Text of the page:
The pack was down -5.2kwh. It charged to +6.3kwh. The truck took on 11.5kwh as of this morning. So it recharged with more than 100% overcharge. The pack voltage on the way to work this morning was significantly higher. It stayed in the 315-320v range while driving. This is about 15 volts higher than before the discharge maintenance. I won’t recharge at work to see how well the pack voltage holds up on the way home. At some point I’ll have to do a load test to see how many kwh’s the pack is good for now. It is possible that the deep cycling of the pack may need to happen once or twice more.

All of this work is important as it keeps the pack’s soc higher since the total pack capacity is kept higher. The cold weather brings the capacity down as well.

Starting yesterday afternoon I had to short circuit the pack after driving it until it would barely roll. The pack seemed to develop the classic memory issue again. The pack was only good for 4.5kwh during a drive that day. Not good. So this time I loaded each half of the pack to 1.5 amps with several light bulbs. After a few hours the pack was low enough to load it will all the light bulbs across the entire pack. This brought the load to 2.5 amps. 22 hours later I connected the new 240vac Variac from Ebay to it’s bridge rectifier and started charging the pack.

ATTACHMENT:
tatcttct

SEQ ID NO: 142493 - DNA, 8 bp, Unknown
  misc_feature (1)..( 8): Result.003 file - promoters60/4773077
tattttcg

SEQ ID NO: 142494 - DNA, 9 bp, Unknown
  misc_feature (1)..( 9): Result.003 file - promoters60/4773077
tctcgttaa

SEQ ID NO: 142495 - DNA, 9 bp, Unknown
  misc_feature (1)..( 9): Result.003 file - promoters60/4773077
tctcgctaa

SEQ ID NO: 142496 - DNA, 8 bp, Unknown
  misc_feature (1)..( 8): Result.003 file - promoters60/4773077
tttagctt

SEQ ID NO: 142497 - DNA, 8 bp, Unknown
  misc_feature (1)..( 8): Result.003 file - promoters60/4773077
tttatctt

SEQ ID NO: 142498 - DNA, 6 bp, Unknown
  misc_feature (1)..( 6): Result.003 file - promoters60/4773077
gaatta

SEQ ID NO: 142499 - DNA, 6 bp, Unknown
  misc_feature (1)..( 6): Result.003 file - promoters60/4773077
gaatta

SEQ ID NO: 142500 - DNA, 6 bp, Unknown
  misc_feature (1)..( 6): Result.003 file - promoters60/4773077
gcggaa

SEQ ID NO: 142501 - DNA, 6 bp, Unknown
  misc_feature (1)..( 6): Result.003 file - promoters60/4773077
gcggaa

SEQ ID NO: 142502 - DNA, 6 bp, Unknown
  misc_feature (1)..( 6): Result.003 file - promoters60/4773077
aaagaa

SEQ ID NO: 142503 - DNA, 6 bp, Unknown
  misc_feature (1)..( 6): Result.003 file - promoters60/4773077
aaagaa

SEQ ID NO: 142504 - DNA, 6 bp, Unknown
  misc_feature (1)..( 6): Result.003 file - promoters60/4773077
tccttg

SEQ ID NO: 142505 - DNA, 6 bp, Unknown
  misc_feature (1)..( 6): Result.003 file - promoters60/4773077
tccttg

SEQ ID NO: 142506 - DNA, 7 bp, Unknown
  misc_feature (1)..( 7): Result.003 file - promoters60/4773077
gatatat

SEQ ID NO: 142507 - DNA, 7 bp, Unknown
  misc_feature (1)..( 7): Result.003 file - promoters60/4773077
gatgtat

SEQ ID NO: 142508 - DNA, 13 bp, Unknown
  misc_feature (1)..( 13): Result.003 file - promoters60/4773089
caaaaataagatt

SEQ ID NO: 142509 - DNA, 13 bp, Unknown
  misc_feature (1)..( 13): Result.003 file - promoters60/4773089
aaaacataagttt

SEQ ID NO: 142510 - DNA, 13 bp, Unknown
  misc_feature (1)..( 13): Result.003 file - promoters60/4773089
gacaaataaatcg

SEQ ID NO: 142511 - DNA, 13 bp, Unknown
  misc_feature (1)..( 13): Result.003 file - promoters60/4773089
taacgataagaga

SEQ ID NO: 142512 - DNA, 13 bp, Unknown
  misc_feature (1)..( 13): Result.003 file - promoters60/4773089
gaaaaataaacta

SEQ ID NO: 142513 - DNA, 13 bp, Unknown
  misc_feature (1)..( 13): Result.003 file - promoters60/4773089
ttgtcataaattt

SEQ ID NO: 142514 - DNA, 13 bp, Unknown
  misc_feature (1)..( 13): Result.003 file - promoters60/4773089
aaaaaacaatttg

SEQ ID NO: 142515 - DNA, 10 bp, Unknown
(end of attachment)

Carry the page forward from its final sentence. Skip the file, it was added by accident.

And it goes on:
I had to keep turning the Variac’s voltage up to keep the current at a good charge level of between 6 and 10 amps. That 240vac Variac really sped things up. I didn’t have to do half the pack at a time as with a 120vac Variac. We’ll see if this gets the range back up.

The weather has been in the 40’s to 50’s and I suspect it will lower the range.